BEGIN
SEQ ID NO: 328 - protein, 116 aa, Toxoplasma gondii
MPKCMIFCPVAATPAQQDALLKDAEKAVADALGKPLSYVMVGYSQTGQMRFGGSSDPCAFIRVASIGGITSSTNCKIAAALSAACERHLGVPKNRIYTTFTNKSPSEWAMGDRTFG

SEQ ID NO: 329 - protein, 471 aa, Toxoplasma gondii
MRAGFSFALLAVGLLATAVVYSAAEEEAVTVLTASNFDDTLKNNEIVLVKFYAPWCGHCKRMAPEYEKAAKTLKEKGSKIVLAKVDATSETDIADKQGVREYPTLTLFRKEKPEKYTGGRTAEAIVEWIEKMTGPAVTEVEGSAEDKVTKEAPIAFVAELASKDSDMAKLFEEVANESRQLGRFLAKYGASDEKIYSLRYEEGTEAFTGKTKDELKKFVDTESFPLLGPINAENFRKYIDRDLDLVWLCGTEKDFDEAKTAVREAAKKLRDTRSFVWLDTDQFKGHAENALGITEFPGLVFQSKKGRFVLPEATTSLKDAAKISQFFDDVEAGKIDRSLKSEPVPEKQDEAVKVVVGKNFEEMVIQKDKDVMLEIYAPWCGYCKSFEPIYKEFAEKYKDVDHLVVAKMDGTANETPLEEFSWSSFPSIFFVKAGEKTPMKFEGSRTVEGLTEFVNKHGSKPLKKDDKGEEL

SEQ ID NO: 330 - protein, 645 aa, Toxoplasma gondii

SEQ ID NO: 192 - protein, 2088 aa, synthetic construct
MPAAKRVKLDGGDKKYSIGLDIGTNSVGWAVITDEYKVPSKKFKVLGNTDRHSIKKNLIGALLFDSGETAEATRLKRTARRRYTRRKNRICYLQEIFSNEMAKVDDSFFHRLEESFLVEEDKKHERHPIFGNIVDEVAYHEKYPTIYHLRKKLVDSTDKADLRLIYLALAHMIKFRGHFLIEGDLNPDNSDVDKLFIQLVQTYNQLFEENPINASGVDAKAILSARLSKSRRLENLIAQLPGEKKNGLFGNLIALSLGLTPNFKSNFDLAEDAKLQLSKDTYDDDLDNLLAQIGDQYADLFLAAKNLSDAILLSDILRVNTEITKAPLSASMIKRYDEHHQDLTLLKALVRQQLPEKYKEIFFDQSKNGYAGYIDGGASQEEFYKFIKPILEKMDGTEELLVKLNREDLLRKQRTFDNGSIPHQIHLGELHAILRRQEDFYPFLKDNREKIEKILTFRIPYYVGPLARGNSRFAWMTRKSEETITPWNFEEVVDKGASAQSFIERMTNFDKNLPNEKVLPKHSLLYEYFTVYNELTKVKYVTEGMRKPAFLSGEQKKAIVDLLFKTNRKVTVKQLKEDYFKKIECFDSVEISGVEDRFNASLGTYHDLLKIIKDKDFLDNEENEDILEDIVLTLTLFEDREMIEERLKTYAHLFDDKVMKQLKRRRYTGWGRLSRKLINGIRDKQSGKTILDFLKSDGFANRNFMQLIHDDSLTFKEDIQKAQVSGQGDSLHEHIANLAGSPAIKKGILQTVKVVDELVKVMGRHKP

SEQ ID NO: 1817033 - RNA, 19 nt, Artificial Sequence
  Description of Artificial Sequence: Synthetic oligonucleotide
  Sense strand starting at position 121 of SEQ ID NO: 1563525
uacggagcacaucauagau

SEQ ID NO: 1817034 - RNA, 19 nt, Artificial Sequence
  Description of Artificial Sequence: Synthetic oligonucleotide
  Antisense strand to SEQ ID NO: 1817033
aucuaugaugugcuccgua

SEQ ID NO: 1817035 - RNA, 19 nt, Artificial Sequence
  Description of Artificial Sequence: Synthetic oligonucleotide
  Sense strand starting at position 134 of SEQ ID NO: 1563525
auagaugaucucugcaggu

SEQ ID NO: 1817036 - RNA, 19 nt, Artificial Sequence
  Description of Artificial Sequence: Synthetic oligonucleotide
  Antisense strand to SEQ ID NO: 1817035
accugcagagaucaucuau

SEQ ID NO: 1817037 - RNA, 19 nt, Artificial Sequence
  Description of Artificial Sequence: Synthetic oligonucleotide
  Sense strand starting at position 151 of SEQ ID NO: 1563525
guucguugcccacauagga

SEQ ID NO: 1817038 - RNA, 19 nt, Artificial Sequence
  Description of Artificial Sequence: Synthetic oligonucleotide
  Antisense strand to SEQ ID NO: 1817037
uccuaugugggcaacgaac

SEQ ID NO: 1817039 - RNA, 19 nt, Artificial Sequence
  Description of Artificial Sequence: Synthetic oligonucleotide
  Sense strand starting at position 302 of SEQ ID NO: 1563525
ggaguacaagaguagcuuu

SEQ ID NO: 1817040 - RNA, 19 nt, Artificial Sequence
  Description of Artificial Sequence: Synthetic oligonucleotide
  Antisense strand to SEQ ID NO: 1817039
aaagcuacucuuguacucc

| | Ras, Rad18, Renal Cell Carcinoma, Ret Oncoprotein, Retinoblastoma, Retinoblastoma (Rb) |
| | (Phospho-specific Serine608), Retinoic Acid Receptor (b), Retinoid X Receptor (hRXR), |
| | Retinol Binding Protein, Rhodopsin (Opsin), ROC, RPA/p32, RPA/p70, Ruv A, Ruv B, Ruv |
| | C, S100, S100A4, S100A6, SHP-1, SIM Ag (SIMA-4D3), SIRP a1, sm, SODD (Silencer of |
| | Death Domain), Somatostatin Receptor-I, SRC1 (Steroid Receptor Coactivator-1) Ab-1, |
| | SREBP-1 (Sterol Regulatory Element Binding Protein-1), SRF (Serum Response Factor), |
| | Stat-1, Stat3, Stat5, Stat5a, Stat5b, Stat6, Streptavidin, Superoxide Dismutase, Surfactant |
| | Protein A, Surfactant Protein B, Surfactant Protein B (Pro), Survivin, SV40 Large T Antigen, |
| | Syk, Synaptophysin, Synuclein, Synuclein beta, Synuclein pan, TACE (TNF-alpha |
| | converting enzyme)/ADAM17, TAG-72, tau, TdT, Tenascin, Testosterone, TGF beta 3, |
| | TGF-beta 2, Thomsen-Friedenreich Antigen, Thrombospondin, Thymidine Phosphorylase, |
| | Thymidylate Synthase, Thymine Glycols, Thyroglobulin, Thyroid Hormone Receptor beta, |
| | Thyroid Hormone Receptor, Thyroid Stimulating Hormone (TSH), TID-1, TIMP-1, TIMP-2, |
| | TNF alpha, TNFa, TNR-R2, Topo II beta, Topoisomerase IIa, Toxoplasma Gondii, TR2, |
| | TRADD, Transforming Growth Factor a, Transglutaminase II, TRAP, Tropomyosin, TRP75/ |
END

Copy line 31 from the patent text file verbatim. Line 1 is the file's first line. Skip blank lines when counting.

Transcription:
uccuaugugggcaacgaac